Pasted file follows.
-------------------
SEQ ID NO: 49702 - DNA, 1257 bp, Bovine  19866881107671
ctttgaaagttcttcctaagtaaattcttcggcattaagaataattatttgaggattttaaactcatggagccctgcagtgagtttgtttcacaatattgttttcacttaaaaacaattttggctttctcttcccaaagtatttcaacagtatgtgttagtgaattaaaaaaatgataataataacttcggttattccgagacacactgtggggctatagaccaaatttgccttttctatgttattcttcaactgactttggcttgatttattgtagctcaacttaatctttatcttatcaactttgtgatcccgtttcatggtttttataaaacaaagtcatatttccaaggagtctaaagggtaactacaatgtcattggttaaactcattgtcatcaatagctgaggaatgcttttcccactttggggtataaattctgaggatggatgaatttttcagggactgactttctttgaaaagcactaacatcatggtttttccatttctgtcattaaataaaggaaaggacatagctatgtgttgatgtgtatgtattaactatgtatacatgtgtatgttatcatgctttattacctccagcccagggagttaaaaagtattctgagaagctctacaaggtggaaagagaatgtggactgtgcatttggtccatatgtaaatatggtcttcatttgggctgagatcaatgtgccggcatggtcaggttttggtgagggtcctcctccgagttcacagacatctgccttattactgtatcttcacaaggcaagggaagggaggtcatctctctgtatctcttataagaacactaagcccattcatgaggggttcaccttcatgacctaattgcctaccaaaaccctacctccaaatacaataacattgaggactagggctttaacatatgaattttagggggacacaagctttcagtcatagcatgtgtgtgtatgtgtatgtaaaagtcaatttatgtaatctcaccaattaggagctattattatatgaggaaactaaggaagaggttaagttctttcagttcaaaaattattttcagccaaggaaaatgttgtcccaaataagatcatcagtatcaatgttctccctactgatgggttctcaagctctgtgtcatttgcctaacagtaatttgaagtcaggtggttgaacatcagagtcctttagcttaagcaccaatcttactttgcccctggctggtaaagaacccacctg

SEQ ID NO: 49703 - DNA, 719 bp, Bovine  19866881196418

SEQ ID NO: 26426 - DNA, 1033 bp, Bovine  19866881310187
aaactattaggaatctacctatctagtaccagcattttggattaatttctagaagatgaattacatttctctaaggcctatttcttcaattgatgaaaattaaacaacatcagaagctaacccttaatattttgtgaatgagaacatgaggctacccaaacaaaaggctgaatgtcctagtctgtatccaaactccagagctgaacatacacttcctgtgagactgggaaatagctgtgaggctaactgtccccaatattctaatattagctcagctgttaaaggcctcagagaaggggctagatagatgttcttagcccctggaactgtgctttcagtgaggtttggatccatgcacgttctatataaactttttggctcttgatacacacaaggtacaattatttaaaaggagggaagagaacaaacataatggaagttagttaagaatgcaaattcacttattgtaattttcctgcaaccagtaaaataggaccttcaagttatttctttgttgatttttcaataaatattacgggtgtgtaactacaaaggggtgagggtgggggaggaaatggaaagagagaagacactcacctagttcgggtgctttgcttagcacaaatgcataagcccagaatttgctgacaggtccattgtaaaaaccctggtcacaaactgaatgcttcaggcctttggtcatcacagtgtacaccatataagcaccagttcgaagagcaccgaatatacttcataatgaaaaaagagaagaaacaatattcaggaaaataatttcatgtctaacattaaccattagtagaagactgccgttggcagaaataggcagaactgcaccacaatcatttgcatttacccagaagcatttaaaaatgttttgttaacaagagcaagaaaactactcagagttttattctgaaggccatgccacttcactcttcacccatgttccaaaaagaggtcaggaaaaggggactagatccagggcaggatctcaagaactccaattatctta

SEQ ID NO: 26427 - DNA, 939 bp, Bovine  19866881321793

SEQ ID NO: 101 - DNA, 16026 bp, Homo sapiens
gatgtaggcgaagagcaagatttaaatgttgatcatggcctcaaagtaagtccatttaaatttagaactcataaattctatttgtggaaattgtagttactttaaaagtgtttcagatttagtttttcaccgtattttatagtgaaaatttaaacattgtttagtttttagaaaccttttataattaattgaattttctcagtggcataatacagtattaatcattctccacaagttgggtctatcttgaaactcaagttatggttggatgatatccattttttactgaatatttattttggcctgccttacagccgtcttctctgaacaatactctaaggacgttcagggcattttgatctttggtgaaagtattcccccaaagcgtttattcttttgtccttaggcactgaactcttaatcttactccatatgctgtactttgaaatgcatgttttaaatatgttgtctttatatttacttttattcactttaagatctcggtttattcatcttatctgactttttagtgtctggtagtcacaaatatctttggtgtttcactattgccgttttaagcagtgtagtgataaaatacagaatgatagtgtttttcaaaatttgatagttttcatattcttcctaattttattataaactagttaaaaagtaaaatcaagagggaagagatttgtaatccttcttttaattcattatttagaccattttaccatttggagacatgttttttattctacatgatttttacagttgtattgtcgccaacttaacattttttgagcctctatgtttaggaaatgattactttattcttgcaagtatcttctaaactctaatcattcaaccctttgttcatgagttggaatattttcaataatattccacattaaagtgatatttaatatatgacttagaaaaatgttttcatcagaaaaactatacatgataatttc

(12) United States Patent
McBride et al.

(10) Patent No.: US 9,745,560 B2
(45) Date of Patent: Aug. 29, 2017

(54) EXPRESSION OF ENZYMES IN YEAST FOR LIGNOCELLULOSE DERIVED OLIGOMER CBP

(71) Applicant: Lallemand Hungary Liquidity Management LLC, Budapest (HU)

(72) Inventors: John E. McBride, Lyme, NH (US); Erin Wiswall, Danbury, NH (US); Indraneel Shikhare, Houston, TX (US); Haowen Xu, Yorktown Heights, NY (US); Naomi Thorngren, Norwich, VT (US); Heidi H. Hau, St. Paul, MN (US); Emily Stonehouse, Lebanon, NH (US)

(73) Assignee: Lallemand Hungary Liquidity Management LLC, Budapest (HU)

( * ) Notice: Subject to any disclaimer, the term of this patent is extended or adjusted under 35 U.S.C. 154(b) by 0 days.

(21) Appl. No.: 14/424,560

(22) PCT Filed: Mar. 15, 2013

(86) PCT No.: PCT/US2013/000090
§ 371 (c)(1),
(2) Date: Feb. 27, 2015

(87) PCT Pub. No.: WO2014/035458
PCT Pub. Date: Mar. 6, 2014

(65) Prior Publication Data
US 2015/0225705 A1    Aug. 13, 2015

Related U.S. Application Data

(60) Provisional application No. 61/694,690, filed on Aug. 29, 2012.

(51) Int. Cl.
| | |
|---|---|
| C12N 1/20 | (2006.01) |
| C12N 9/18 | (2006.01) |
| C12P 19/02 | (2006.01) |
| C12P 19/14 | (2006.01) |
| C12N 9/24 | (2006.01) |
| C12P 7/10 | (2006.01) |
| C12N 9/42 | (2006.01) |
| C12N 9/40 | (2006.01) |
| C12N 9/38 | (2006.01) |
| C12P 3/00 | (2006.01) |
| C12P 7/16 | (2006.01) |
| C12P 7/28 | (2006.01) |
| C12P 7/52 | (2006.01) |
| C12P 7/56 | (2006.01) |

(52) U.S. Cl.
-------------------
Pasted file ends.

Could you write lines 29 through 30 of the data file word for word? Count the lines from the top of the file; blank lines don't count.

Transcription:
(51) Int. Cl.
| | |